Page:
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June 6, 2015

Tommy Paul


T. PAUL/T. Fritz
7‑6, 2‑6, 6‑2

THE MODERATOR:  Questions in English.

Q.  How does it feel?
TOMMY PAUL:  I mean, it feels great.  Feels great to be French Open champion, especially when you play an American in the finals.
It was amazing.

Q.  Tied first set, and second looked like you were struggling with a leg or foot injury or something.  Something was going on.
TOMMY PAUL:  Well, in the second set I was a little tired, so I was, like, Okay, let's try and save a little energy for the third.
After I got down a break, it's really tough to break Taylor back, obviously.  Pretty massive serve.
So I was like, All right, I'm going to probably go down this set and then try and put all I have into the final set.

Q.  You have had some pretty great results on clay these last few weeks.  I think two wins in futures and one final, am I right?
TOMMY PAUL:  One semi; two wins and a semi.

Q.  And then here, obviously, a win.  Why do you think you're having that streak?  Is that like the best streak you can remember in recent times?
TOMMY PAUL:  I would say it was the best streak I have had.
And why?  I don't know.  I have always liked clay my whole life, so coming out here on the red clay, it's great.  I like it a lot for my game.

Q.  Talk a little bit about obviously no hard feelings.  You guys were complimenting each other during the match, and then you guys were sitting and waiting for the awards ceremony laughing.  I don't know what you were talking about.  Obviously the flag and all that.  I mean, it seems like you guys were pretty good friends.
TOMMY PAUL:  I mean, yeah, I remember when he first came to USTA where I trained like two years ago, and he was, like, a little behind our level.
Then recently he just completely shot up in the past like year.  He's just playing a lot better tennis.  We were talking about how much better he's gotten on the clay in the past year.  He's starting to like it so much more and play a lot better on it.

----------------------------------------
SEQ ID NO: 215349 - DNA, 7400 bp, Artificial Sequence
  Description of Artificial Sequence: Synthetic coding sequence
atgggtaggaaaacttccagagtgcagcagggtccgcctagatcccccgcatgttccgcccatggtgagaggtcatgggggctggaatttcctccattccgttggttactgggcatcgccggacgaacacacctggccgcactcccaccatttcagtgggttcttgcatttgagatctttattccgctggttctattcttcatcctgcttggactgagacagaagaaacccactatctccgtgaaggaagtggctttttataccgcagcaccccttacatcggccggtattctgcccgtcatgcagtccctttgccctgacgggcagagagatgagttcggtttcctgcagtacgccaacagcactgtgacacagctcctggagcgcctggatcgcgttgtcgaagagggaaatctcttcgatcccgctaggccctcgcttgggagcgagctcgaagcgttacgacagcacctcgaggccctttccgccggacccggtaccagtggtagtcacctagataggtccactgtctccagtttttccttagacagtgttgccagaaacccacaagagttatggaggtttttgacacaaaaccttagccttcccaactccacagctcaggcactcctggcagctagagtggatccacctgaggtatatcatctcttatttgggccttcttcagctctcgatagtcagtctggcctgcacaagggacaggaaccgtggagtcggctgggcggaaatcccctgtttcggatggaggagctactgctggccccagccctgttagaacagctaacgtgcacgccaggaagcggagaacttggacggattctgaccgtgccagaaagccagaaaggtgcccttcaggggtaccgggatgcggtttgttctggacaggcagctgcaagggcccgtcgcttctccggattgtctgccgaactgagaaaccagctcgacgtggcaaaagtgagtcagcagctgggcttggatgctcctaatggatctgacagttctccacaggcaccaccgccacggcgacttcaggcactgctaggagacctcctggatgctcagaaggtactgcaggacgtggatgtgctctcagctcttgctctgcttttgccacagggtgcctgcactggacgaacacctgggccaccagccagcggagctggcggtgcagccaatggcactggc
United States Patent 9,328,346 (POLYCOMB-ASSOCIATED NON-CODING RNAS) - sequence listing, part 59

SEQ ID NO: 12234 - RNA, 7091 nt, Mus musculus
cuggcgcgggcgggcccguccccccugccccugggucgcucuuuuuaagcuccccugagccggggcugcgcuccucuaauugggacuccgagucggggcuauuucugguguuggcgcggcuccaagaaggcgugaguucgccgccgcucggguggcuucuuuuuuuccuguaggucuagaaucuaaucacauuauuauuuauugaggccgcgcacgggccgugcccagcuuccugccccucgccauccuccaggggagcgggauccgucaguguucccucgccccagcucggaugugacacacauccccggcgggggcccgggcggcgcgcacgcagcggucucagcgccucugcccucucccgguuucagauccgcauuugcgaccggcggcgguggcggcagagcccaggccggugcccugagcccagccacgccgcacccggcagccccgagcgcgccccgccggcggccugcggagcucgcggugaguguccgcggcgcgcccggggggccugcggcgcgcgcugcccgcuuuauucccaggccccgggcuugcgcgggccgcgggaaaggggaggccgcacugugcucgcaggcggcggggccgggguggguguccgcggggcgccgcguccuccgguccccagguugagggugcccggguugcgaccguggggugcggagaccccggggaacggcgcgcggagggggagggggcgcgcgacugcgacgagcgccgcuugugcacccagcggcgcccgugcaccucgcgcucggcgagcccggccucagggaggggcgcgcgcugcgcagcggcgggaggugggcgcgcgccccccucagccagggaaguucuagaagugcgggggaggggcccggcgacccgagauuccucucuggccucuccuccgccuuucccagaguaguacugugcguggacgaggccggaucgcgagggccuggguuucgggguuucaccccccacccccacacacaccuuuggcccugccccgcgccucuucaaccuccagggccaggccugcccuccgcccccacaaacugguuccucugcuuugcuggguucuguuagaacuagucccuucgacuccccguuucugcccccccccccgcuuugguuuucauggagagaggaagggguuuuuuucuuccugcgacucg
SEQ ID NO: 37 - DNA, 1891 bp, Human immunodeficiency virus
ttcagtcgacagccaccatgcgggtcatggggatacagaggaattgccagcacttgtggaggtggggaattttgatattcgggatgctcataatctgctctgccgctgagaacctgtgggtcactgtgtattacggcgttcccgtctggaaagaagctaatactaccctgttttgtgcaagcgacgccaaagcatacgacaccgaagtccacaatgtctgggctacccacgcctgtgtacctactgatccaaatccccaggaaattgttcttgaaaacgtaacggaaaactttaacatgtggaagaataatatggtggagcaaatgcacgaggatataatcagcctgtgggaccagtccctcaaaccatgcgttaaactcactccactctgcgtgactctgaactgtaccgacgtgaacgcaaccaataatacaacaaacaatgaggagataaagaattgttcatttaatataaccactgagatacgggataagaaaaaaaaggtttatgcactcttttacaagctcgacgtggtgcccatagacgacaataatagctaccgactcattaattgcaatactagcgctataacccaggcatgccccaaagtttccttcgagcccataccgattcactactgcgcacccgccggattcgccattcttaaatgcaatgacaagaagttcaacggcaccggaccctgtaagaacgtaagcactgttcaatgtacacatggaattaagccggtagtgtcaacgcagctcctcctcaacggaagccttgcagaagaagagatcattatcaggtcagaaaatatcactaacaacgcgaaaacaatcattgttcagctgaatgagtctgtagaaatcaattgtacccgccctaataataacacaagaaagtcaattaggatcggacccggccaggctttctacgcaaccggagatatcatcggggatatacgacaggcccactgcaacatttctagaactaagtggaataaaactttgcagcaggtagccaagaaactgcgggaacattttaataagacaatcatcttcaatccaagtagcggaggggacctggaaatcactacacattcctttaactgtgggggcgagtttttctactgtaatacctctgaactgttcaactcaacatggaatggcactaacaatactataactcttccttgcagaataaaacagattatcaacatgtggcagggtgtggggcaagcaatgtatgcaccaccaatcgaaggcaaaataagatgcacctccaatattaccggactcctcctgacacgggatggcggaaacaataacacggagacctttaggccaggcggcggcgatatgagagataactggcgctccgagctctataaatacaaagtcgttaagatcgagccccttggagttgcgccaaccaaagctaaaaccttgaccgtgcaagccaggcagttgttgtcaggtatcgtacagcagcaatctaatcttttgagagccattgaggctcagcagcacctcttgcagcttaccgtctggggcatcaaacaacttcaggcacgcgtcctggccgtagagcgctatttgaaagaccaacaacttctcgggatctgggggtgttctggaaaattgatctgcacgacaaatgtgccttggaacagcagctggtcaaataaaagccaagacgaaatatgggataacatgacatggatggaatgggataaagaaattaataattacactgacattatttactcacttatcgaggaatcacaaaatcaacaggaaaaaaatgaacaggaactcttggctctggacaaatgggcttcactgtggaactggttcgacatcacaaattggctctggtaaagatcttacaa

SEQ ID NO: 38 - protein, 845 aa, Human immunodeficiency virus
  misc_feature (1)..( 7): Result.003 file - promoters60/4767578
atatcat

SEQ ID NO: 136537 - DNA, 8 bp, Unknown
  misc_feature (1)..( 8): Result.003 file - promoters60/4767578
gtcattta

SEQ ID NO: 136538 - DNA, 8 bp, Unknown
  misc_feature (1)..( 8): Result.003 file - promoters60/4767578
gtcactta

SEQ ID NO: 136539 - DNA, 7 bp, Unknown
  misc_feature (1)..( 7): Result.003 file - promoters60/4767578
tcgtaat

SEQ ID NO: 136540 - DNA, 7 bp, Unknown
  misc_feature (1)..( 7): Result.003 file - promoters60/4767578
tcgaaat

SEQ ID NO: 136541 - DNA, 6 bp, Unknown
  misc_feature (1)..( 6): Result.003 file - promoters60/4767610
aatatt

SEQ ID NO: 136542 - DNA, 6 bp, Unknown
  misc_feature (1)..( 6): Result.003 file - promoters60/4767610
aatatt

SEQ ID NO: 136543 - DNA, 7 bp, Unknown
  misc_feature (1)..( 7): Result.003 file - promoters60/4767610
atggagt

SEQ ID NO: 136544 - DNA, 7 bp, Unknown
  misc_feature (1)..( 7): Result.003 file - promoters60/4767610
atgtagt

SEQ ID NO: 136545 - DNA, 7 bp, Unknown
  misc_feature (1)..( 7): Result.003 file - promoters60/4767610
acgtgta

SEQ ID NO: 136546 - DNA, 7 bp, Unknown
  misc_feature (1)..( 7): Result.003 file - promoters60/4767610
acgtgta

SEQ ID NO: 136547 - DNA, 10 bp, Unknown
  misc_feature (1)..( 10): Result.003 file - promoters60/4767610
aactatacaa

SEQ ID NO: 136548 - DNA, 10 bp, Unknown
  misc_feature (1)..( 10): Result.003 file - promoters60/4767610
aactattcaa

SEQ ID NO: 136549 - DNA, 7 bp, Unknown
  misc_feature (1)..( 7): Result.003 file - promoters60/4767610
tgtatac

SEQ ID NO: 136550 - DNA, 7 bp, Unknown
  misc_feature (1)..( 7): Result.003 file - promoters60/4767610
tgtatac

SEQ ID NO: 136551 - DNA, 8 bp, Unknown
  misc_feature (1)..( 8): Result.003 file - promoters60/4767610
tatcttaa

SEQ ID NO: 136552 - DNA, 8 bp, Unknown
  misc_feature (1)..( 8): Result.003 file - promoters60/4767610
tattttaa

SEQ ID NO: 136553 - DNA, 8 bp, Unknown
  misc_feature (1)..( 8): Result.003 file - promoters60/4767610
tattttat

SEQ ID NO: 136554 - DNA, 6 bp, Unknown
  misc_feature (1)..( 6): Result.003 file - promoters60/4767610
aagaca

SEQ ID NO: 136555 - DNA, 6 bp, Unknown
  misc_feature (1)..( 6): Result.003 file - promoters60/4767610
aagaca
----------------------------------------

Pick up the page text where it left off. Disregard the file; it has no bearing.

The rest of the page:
I'm happy for him.

Q.  Do you think some of today was a factor that you have had a little bit more experience and been more involved fully than he has been until recently?
TOMMY PAUL:  Involved for what?

Q.  Well, like, he went to regular school and his parents helped him and that kind of stuff, where you have been more focused on your tennis.
TOMMY PAUL:  Yeah, I mean, I really can't say about that.  Like, I don't know.  I'm not sure.

Q.  Doubles today; you could have a big day today.  Talk a little bit about that.
TOMMY PAUL:  Obviously very excited to be in the finals of doubles, also, playing with one of my best friends, Will Blomberg.  (Ph)  Should be fun.
Hopefully we can get a lot of energy going and try and win doubles, too.  That would be awesome.

Q.  We don't know you that much, so can you tell me more about you or where you come from with your coach and where you train?
TOMMY PAUL:  Yeah.  Originally I'm from North Carolina, and then I moved down to USTA in Boca Raton.  Florida.  Been working with Diego Moyano, my coach.  It's Diego Moyano and he works with me, Reilly Opelka, Rybo, Alex Rybarikov.  That's pretty much it.
My parents just moved up to New Jersey, South Jersey.

Q.  How long have you been down in Boca?  Since when?
TOMMY PAUL:  It's been like four years.  Pretty much, yeah, around four years.